The importance of user context and performance

February 27 2015 By Posted in Expertise

Webmasters beware: do not let your users’ browser ruin their online experience… and your online revenues. Based on two Czech examples, this article takes a look at how browsers can affect the response times and reliability of a website and discusses whether this is worth worrying about.

 

Back in the old days (sometime before 2010), Internet Explorer was a dominant player. As a website owner you could be confident that your website was ready to go live if “it works with IE”. These days, there is no longer any single reference browser. All over Europe, browser market shares are equally split between Microsoft, Google and Mozilla. To complicate matters, the last three versions of any given browser are widely used by your audience. As a website owner how can you manage this complexity? And even more to the point – is it worth it?

 

Google Rates

Usage rates of Google Chrome versions over time in %. Full year 2013 – ip-label global Czech audience.

 

 

Google, Mozilla and Microsoft claim to provide better and faster web experience with every new browser version. Without any clear evidence, I personally trust them and go for automated updates of my browser. Unfortunately, having the latest version can actually be a bad idea on some websites. That’s what we learned at ip-label when helping European webmasters who were striving to deliver fast and responsive websites…
The example of one major Czech Media website monitored over the past 6 months yields interesting results. Performance by the latest version of Chrome (39) and Firefox (34) are comparable but Internet Explorer 11 is almost 50 % slower.

 

response_times

News Site (response times in ms.) Latest browser version (left) versus Previous browser version (right).

 

… but looking at last month’s versions shows a different picture: This time Chrome 38 is still a clear leader but it’s now Firefox 33 which takes 50% more time to display the page.

 

If this is true for one website, can we infer anything for other websites? Well … No! Looking at another reference Czech websites from a global European brand, we get completely different results: this time Internet Explorer works much better … and for both versions …

 

response_times_browsers

CZ Site global Brand (response times ms.) Latest browser (left) versus previous browser version (right)

 

 

So, now you are most probably convinced : the browser used to access a website has a direct impact on the customer experience. And the speed difference from one browser to another can be very significant – up to 100% in some cases.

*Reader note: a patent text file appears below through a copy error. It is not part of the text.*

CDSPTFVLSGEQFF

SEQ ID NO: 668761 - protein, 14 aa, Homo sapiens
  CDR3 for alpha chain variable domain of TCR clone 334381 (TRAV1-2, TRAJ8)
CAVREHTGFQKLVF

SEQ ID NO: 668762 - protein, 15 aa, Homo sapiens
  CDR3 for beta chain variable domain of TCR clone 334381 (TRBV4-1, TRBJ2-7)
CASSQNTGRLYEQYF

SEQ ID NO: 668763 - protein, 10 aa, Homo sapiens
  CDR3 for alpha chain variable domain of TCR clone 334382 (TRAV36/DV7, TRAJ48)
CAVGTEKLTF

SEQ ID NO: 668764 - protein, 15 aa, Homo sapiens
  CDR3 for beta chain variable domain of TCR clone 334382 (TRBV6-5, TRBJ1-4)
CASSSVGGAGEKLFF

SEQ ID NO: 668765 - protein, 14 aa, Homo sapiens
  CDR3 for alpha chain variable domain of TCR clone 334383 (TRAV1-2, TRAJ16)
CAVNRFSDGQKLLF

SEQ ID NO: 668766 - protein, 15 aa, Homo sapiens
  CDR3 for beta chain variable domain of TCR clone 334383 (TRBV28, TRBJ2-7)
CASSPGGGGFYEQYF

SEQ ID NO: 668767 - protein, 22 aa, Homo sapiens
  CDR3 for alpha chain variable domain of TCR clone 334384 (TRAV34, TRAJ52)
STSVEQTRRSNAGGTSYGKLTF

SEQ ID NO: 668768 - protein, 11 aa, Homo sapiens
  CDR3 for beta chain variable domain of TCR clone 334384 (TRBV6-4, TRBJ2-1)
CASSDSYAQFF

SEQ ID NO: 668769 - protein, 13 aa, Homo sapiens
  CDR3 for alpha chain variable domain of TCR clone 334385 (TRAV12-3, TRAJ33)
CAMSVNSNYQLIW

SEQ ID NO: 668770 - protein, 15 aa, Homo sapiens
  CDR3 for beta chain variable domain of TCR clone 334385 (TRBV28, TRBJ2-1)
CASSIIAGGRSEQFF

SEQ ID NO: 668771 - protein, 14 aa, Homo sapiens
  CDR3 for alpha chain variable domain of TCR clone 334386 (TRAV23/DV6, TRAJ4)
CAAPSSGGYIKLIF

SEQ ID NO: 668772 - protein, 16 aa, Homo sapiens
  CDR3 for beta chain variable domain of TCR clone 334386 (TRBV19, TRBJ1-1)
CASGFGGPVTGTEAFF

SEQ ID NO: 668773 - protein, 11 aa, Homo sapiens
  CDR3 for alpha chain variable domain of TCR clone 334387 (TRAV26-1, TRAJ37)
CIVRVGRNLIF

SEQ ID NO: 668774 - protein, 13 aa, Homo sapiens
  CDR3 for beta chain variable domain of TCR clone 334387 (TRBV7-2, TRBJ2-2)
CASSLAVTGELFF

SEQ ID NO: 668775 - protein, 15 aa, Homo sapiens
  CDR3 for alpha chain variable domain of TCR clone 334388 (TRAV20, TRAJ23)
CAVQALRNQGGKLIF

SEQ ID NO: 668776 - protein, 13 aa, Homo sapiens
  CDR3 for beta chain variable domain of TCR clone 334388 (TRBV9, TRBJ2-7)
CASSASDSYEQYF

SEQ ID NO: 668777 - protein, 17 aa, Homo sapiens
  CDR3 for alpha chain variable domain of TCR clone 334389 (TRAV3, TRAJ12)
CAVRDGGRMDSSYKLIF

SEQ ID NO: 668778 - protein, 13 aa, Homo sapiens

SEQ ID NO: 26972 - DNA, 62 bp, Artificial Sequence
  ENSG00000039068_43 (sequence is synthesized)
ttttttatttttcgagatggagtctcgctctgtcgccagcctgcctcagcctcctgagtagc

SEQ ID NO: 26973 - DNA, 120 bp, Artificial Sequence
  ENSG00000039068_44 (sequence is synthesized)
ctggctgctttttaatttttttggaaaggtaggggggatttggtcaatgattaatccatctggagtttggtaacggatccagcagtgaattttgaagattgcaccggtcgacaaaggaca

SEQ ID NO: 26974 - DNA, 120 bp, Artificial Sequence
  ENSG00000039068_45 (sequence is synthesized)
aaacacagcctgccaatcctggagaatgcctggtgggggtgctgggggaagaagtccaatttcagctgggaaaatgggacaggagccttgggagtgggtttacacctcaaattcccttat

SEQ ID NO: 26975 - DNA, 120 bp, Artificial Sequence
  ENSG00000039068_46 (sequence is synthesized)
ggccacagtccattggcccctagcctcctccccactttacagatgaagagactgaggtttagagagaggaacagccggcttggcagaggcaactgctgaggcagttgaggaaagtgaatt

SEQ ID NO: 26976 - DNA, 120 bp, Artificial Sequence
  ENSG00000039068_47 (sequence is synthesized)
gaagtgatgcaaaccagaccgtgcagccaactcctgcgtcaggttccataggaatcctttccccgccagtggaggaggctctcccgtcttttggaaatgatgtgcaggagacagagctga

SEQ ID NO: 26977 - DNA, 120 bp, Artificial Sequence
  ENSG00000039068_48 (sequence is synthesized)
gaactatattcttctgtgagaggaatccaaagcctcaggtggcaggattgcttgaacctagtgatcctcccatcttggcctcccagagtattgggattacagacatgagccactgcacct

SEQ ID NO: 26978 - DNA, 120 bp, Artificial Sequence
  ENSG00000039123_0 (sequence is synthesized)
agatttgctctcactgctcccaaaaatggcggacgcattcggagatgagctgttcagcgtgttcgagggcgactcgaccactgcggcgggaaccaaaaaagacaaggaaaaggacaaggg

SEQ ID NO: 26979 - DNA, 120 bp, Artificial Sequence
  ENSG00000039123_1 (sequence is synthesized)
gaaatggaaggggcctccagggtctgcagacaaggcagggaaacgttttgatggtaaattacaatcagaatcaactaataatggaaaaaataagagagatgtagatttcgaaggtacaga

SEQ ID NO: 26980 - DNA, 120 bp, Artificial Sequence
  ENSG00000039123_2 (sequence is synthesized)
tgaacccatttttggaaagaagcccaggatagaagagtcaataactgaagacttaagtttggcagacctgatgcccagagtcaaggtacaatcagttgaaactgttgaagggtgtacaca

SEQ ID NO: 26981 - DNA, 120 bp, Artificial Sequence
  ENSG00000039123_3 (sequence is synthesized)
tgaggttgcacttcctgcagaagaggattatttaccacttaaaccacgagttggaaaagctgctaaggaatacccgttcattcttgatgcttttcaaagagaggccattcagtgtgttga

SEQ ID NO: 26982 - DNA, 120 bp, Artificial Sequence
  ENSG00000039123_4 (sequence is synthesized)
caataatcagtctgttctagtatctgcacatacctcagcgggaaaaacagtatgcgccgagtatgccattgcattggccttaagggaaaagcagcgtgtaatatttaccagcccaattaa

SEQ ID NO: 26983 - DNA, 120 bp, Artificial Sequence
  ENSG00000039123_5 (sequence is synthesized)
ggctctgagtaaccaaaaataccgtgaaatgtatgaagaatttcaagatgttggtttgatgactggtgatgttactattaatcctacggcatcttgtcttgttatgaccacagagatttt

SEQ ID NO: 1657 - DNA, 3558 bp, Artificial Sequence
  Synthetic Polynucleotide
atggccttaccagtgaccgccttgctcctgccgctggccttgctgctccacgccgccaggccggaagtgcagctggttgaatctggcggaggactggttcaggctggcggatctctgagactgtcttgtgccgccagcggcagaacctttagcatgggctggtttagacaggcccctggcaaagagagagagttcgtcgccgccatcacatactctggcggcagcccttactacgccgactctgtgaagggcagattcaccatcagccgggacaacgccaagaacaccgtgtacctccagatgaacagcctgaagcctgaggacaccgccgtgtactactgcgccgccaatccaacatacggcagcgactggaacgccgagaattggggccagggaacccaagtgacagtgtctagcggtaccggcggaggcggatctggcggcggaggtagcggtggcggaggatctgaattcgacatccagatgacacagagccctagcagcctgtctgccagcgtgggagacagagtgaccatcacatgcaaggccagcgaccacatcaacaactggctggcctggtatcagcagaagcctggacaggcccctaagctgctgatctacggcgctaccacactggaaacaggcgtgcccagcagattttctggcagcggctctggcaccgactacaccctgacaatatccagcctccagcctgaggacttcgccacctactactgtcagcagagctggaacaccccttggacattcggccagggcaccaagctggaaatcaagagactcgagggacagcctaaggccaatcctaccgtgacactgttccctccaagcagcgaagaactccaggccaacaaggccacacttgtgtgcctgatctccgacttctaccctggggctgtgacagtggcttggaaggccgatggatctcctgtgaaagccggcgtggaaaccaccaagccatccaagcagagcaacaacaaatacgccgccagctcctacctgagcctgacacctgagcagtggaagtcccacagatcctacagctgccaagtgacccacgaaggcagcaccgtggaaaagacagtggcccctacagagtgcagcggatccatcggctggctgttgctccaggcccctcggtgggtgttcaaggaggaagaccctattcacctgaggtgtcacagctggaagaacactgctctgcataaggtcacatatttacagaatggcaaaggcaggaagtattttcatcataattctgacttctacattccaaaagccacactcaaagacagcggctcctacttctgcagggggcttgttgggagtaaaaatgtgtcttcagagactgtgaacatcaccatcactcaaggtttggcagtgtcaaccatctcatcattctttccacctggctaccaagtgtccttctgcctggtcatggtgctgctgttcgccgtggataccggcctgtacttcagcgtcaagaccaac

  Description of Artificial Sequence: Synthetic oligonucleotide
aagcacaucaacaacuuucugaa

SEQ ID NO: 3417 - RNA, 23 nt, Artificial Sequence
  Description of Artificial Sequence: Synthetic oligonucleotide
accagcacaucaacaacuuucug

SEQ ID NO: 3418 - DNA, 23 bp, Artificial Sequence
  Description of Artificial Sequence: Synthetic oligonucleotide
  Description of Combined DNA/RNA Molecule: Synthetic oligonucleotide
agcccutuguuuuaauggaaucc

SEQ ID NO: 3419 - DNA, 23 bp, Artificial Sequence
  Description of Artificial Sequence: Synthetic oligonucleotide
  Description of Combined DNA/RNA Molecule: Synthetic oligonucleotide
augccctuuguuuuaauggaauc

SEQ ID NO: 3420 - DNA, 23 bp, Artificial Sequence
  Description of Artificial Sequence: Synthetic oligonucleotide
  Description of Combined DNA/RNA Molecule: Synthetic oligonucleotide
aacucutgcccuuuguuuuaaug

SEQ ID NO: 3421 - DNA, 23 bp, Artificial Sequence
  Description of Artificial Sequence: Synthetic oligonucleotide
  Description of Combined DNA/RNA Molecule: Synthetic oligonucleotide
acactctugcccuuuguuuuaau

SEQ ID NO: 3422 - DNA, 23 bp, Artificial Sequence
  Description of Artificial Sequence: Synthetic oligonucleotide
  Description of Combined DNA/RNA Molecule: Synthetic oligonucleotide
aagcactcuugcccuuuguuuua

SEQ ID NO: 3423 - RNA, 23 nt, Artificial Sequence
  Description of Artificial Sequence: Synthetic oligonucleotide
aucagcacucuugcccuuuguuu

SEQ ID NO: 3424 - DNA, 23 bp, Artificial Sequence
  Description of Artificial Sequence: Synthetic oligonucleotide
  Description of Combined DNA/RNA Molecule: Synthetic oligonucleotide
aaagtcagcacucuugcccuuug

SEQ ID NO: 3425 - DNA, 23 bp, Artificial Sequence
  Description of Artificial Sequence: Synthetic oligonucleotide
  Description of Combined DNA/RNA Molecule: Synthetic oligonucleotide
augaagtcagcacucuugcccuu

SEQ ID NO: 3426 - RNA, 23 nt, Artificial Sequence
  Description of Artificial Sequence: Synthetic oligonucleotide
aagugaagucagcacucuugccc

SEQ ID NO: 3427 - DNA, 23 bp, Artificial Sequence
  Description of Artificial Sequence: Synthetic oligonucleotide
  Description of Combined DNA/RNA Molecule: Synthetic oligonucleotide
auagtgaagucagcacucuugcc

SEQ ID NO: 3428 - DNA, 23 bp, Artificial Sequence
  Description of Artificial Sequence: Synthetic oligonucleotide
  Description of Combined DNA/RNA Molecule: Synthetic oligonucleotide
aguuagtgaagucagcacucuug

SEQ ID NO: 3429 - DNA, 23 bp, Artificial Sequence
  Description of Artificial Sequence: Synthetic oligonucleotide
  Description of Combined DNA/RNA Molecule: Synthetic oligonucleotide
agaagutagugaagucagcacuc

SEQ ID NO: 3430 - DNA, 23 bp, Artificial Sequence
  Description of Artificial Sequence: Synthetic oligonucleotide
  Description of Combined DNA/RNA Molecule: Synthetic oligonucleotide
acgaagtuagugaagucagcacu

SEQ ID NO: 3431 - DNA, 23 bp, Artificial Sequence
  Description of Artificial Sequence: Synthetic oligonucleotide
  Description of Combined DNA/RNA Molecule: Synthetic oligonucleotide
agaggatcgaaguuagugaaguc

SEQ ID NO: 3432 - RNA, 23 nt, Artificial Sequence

Taking it from here, how do you manage this and optimise performance for everyone ?

Well, the first thing is obviously to start measuring response time for majors users contexts with one of so called “real user monitoring” tools on the market. And since there are new browser releases every quarter or so, there is no choice but to do it permanently. Then it’s a simple part of the QA process to get alerted automatically when response times for these key configurations exceed your company expectations or SLAs.

There are more dramatic cases where your website will completely fail due to browser incompatibility. That’s the case we recently had with a Belgium insurance company. Due to web coding issues, the purchase button was not visible on the order page for some versions of Internet Explorer thus preventing 20% of website users from effectively subscribing to their insurance policy. Fortunately, the same real user monitoring tools can trigger alerts when some browser regressions appear, allowing you to active action plans to resolve the problems without delay.
So, with browser versions changing monthly if you do not yet use real user monitoring on your website, it might be the right time to give it a try.

 

Sources: ip-label Real User Monitoring Data – Between July and December 2014 – Selected websites – Czech audience only

Article published in partnership with http://computerworld.cz/

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